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Brokeback Mountain
Reviewed by Dennis Morton
Review Date: 12
.28.05

Just about every poet I know has wrestled with the impulse to write an anti-war poem. But while many have tried, far fewer have succeeded. This is probably because most poets have no idea what their poems are about until they’ve finished writing them. Most poets discover their subjects in the process of writing their poems.

What does this have to do with Brokeback Mountain, a new film based on a short story by the gifted Annie Proulx? Well, while I’m not suggesting that prose writers and film-makers operate as most poets do, I am saying that it’s one thing to have a great subject and quite another to turn it into art.

A story or a film about gay cowboys set mostly in the sixties and seventies has a compelling, even an important subject. And Brokeback Mountain is a film I was predisposed to liking. I admire Annie Proulx and it should go without saying that discrimination based on sexual preferences is a major human rights issue. I really did want to like this movie. So, in the company of my fellow reviewers, I entered the theatre full of anticipation. But a few hours later I left the theatre in a bit of a muddle.

     I had enjoyed the performance of Heath Ledger. And I was moved by the plight of adult human beings unable to choose the lives they’d have preferred, simply because to do so, openly, would have placed them in mortal danger. But something was missing.

I decided to see it again to figure out what. But this time I left the theatre liking Brokeback Mountain a little bit more than I had the first time. In particular, I was emotionally moved by the last ten minutes of the film. I won’t tell you much about those scenes. But I will suggest that if you don’t pay close attention, you may miss a subtle rhetorical dagger thrust into the heart of one of the protagonists by the father of the other. And you might miss an equally subtle but loving and gentle complicity between the mother and her son’s lover.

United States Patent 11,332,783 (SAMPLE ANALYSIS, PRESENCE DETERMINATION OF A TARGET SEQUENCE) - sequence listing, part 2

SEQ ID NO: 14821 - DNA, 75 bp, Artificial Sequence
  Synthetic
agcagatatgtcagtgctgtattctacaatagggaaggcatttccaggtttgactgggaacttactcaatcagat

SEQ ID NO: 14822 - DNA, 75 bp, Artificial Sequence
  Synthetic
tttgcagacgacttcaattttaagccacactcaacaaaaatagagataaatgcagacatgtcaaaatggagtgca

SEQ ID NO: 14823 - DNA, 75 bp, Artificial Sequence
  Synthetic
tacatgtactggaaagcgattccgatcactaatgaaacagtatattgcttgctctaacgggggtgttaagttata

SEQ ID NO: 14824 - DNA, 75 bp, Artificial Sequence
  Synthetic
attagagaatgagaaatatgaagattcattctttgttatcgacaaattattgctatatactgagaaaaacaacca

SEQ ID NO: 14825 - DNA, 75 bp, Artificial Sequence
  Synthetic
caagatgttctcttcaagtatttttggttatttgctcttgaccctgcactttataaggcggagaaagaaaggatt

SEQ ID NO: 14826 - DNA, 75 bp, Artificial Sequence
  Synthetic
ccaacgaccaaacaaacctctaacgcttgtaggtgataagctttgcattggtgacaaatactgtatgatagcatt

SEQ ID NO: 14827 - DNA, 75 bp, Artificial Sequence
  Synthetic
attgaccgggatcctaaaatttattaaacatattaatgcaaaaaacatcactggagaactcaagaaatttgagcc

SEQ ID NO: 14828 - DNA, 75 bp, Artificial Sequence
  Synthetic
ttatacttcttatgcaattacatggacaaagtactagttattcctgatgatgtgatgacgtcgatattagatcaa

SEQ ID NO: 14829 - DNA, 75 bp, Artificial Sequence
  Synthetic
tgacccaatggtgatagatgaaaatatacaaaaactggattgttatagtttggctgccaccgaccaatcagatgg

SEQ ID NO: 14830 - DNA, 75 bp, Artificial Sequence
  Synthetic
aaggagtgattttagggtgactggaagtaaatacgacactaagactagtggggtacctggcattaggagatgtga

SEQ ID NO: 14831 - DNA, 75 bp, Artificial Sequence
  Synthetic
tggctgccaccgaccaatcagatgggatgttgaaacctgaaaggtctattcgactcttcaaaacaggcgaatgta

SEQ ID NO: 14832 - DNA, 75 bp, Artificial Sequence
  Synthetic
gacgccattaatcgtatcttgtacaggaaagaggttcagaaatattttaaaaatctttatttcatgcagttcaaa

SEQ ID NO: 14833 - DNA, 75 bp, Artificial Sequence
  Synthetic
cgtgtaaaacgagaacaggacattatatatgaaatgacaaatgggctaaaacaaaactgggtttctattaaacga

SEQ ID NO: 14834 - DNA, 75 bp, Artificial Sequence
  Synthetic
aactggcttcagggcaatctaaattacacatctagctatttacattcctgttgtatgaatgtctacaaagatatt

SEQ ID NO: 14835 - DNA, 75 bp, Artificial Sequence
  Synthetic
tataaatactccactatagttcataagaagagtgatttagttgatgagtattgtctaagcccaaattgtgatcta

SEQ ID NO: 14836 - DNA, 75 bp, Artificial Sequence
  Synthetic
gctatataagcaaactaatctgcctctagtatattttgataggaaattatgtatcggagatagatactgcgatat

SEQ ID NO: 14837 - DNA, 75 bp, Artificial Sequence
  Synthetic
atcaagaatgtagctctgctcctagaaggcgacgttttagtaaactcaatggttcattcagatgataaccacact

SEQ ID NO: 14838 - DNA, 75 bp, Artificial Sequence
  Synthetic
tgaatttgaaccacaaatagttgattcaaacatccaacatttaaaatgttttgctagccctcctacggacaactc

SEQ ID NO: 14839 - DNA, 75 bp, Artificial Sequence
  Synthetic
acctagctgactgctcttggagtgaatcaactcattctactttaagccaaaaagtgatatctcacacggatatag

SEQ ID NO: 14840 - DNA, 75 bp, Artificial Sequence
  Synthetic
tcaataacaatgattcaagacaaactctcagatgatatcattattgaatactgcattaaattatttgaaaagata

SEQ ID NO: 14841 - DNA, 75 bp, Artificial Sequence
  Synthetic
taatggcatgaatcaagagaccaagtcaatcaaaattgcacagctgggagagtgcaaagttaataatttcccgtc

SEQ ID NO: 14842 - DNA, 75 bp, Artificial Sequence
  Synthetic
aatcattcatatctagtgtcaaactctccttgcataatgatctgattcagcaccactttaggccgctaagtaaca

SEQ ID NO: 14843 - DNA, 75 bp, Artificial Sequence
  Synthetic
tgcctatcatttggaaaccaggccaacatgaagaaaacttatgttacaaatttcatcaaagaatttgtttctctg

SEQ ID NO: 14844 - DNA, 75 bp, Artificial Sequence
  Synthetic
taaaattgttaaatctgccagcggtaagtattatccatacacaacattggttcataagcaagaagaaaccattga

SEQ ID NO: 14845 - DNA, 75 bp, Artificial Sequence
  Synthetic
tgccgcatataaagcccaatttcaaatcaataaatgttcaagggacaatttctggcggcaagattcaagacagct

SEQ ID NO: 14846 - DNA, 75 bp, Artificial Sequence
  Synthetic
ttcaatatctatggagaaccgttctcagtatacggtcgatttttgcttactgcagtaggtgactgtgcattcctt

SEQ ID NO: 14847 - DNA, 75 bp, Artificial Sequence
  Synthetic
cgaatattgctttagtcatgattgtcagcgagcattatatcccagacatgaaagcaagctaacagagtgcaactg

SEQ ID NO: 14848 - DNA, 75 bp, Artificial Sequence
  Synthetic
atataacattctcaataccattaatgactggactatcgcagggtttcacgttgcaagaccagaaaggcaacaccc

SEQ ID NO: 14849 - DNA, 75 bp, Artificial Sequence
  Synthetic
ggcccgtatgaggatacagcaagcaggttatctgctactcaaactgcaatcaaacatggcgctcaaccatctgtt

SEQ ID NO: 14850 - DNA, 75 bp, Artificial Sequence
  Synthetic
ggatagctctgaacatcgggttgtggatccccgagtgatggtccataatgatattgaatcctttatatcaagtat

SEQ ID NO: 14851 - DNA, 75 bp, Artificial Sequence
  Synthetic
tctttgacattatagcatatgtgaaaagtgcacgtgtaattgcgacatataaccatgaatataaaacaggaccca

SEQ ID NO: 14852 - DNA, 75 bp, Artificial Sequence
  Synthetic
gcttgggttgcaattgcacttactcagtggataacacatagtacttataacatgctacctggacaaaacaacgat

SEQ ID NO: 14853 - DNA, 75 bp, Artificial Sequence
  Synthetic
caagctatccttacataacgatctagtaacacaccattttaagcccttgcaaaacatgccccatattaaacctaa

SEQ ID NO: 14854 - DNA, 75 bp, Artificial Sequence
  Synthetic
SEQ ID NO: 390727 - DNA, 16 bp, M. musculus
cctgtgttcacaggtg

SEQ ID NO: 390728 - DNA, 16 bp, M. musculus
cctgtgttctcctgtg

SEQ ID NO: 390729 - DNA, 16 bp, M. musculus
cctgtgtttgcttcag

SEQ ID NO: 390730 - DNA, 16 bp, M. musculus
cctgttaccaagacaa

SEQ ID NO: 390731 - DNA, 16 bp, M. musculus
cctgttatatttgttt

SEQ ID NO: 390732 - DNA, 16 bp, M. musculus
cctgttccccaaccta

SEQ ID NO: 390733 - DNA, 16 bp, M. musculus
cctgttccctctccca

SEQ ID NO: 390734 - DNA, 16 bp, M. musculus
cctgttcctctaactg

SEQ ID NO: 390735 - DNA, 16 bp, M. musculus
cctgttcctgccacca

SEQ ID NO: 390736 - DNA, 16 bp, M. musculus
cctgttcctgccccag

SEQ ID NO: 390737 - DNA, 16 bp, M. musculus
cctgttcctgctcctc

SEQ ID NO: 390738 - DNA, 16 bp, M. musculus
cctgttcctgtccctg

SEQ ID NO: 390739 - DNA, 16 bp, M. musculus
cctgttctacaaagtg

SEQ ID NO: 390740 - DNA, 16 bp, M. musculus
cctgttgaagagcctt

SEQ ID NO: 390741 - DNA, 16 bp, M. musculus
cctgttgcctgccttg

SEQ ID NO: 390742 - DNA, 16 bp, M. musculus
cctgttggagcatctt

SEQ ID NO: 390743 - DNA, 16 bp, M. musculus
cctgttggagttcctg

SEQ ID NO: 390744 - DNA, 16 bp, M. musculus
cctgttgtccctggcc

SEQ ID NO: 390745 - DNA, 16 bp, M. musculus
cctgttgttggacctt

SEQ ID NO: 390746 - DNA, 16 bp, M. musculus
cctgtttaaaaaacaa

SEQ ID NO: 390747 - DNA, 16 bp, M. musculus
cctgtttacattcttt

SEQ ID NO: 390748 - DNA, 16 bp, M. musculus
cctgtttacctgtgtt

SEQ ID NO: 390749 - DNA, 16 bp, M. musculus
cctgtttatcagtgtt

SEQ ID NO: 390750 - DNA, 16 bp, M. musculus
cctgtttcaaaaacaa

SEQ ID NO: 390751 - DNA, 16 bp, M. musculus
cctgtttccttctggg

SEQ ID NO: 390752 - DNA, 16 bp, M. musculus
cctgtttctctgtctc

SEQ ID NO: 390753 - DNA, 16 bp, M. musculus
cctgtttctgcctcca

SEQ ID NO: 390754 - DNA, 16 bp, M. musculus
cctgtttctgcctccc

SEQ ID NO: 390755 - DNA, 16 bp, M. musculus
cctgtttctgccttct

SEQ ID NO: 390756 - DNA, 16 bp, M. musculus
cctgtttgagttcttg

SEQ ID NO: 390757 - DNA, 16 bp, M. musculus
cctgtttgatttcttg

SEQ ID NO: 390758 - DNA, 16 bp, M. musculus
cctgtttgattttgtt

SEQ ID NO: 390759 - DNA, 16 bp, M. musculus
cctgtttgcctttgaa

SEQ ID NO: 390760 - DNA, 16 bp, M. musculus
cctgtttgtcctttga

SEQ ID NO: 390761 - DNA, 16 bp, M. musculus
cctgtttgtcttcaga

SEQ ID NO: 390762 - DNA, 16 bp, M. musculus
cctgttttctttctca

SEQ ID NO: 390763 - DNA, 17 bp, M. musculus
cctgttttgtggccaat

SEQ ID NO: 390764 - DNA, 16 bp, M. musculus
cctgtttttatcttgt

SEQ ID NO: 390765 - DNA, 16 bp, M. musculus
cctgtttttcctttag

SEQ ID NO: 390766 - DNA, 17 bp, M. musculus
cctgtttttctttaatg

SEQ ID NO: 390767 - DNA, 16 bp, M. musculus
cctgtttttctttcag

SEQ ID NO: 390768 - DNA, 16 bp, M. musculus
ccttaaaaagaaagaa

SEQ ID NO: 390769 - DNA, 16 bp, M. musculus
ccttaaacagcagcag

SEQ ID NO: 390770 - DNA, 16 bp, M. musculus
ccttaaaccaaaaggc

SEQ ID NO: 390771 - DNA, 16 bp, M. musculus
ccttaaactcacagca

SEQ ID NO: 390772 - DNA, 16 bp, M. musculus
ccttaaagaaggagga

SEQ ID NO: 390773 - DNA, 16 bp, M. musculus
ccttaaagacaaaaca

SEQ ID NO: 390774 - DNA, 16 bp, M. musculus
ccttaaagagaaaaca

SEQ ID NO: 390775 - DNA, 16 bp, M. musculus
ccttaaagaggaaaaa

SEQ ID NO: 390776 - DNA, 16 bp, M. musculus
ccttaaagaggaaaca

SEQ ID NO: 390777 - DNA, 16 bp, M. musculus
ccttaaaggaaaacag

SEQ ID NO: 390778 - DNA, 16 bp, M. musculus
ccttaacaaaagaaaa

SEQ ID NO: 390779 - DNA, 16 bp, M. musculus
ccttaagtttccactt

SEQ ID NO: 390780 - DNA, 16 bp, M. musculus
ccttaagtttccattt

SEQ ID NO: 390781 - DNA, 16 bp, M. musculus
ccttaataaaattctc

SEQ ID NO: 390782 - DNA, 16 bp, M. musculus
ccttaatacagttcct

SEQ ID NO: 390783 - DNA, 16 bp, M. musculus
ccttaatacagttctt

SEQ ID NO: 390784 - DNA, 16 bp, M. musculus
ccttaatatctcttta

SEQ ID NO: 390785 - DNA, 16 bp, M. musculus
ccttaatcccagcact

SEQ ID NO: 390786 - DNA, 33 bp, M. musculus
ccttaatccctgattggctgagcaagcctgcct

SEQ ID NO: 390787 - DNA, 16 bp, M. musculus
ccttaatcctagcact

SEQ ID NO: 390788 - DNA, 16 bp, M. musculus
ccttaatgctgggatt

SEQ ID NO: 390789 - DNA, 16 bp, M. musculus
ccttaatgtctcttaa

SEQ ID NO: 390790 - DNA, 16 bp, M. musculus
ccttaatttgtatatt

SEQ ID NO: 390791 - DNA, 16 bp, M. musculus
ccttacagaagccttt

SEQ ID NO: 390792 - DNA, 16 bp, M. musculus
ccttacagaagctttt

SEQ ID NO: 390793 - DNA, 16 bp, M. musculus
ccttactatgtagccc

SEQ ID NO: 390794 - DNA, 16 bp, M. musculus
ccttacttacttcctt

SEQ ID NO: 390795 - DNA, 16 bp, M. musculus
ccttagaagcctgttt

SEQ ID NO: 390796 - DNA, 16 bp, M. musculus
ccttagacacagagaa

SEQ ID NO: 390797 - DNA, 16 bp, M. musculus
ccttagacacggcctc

Pay close attention, also, to the minutiae of a wardrobe display that surfaces in the latter frames of Brokeback Mountain. These, I think, are director Ang Lee’s finest moments in what still struck me, after two viewings, as a competent but somewhat plodding piece of storytelling.

I know that most critics have gone gaga over this film. I’d seen it twice, and come to appreciate small parts of it, but still felt uneasy about the whole of it. What the heck was I missing that so many others had apparently quickly discovered and loved about Brokeback Mountain? I went back for a third look.

I don’t know if three’s a charm, but I’ve had enough now. I know, for me, what didn’t work. For starters, I don’t buy Jake Gyllenhaal’s portrait of Jack, the more extroverted of the closeted couple. Throwing a fat mustache on Gyllenhaal does not make him look nearly twice his age. And even as a young man in this film, he’s an unconvincing lover.

Which brings me to the matter of the love scenes. Passion is recognizable, in any setting, between any couple. There’s more passion in King Kong between Naomi Watts and an imitation giant ape than ever passes between Heath Ledger and Jake Gyllenhaal. And finally, the two hour plus length of Brokeback Mountain exceeds its capacity to emotionally absorb the viewer, at least this viewer. There’s more that doesn’t match the hype this film has received, but that’s for you to discover, or not.

I really don’t want to dissuade you from taking a look at it. I just want to lower your expectations. It’s not a bad film. Sadly, neither is it the great film it’s made out to be.